But Paris, Brussels, San Bernardino, Istanbul, and (groan) Syria have all been bombed by those whose hatred wears the name of some cruel god. All those bombs fly religious flags. And in an uncountable number of heinous acts, individual women and groups of girls have been burned, mutilated, murdered and cast away for acts considered shameful to the same angry gods.
These large events fill the news, and they fuel endless smaller conflicts on school yards, city streets. Americans know almost nothing about religions beyond their own. And in this age of non-participation, religious knowledge is more folkloric and suspicious than catechetical.
Behind all this beat the bass notes of anti-Semitism, rearing its ugly head with regularity, and the KKK is making a smallish come-back.
Enter Morgan Freeman.
Armed with a large heart, for which he honors his Baptist grandmother in whose home he was raised, and an inquiring mind, which he himself has cultivated for decades, leaving behind the narrow prejudices of his past, Freeman has set himself a world-wide journey of discovery about God, asking questions and listening to the voices of those who offer us the personal answers their religion offers them. And you and I get to come along.
These are not the haters, who have twisted religion into weapons. These are believers, lovers of traditions which teach them tenderly. In an interview with Jon Huckins on Patheos, Freeman said of his new series, The Story of God: “I am a huge proponent of listening to and learning from those who view God and the world differently than I do. For me, I don’t find this threatening to my faith, but enlivening. In fact, I would argue that moving toward those of different faiths doesn’t compromise my faith; it reflects the very best of it.”
The series opened last night (on the National Geographic Channel) with an episode exploring the question, What happens when we die? Freeman tells us that his southern childhood included death, the deaths of his grandmother and of his brother. So he has been wrestling with death for a long time.
Last night he took us to the pyramids of Egypt, into Aztec culture, into a Jerusalem layered with Judaism, Christianity and Islam, sometimes in one building. On a place that used to be an open barrens – Golgotha, once a hanging hill – now stands a cathedral.
Human beings are believers, Freeman says. And in every culture, people draw from their beliefs, meanings about death and an understanding of how to approach it.
The hieroglyphic spells carved within the pyramids of the Pharoahs were prayers that let each Pharoah cross and recross, on a nightly basis, the demon-infested lake of fire between life and eternity. In doing this, the Pharoah ensured for the living that the sun would rise. The Sun God Horus was pleased, and the power that sustains the world and all the people, was made safe.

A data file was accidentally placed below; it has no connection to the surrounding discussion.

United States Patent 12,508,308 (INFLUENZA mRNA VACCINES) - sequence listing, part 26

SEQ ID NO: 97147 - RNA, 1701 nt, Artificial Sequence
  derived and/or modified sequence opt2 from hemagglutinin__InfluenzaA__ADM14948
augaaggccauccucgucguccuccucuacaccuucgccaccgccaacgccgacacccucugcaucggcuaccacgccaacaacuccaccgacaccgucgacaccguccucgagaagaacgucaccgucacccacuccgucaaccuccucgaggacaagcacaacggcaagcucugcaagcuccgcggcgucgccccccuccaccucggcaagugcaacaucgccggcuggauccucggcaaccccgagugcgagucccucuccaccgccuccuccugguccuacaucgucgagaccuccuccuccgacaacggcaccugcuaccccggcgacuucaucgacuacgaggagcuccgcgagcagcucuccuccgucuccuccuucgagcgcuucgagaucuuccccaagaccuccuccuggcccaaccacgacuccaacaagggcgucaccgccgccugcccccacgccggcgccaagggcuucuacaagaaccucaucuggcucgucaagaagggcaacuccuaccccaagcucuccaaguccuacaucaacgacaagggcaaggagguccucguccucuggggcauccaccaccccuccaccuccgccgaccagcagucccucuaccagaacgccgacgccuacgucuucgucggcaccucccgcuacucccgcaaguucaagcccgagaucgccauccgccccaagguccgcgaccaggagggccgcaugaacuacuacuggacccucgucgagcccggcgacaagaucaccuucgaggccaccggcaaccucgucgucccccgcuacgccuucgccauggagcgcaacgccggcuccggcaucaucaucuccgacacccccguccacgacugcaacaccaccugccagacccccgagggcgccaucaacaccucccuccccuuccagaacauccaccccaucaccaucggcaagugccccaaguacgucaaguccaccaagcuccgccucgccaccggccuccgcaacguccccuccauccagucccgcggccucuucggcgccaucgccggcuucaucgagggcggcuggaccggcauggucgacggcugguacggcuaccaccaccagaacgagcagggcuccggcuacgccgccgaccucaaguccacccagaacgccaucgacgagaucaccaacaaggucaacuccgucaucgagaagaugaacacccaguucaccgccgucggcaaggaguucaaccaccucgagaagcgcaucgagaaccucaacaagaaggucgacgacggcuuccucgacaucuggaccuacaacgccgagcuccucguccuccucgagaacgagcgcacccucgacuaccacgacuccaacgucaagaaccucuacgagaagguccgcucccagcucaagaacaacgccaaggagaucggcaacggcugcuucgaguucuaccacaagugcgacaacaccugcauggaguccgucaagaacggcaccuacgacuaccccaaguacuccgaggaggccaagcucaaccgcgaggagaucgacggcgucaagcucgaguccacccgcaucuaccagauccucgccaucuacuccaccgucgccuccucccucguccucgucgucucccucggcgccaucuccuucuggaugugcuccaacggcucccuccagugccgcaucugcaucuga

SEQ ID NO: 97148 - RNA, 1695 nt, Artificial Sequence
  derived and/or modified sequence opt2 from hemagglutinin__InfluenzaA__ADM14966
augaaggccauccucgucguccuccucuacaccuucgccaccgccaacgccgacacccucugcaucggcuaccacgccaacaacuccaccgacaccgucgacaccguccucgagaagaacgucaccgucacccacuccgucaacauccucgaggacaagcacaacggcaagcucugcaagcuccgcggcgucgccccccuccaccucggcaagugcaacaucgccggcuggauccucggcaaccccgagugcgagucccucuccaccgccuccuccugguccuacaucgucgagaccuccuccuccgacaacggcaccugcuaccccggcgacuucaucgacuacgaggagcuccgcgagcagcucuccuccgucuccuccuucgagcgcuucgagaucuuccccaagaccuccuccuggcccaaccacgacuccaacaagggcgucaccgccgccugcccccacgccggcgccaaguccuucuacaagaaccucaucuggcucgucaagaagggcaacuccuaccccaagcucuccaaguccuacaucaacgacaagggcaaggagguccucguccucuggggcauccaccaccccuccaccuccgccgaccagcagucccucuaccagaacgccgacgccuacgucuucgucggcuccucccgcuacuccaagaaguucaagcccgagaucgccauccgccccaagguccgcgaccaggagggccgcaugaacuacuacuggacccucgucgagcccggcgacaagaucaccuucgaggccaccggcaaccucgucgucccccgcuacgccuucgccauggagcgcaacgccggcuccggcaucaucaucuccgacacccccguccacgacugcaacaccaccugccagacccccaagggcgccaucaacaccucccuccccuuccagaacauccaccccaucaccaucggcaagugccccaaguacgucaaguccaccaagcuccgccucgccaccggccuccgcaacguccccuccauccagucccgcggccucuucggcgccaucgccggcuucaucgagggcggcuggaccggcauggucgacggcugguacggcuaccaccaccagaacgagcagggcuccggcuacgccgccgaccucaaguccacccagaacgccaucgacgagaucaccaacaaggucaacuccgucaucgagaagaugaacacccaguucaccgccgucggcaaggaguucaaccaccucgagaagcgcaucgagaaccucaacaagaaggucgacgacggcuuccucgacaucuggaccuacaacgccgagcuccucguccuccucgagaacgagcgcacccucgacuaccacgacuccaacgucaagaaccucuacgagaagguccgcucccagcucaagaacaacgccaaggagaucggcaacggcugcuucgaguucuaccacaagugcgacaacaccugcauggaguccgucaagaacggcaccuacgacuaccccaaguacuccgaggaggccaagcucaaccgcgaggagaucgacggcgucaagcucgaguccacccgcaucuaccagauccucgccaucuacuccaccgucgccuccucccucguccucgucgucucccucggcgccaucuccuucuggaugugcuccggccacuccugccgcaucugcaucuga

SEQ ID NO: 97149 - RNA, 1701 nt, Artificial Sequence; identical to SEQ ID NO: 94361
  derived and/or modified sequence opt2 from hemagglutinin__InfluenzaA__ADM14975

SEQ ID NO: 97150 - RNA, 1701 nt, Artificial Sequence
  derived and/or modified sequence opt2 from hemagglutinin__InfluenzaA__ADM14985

In a darker ritual, Aztec priests slaughtered sacrificial victims, whose blood, whose very beating hearts, were offered to sustain the living. Anyone’s blood had this power, not just the monarch’s. But the need for bodies was greater. This Day of the Dead ritual has roots as well in Catholic All Saints-All Souls festivals. The power accorded to the dead, that they can sustain the living, is more than Christians alone recognize. There is a fusion of beliefs at work.
Freeman journies on to India, where he engages in learning about Hindu belief in karma and reincarnation, how the way you live determines whether you come back to a good life or a miserable one. And more: that the end goal is to escape resurrection entirely, to enter moksha, which is liberation beyond resurrection.
Christianity, says Freeman, finds in places of death, hope: not merely memory, but hope. And churches – and temples – are places for remembering. And part of what is remembered is how the Divine moves from the ancients to us. Moving back to New York, Freeman learns from modern science that consciousness continues beyond death, at least for a while.
This series will continue for five weeks – and I am eager for them all. I would have watched a second hour yesterday, for there was much that Freeman did not touch, other faiths, other thoughts. But he knows his audience, and knows how thinking about religion, which is compelling for all people, can be very tiring. Perhaps because it touches such deep, abiding questions.
On, then, to a second question: Will there be an End of Days?
Image of Freeman from National Geographic via Patheos.com, Jon Hickman’s interview with Morgan Freeman.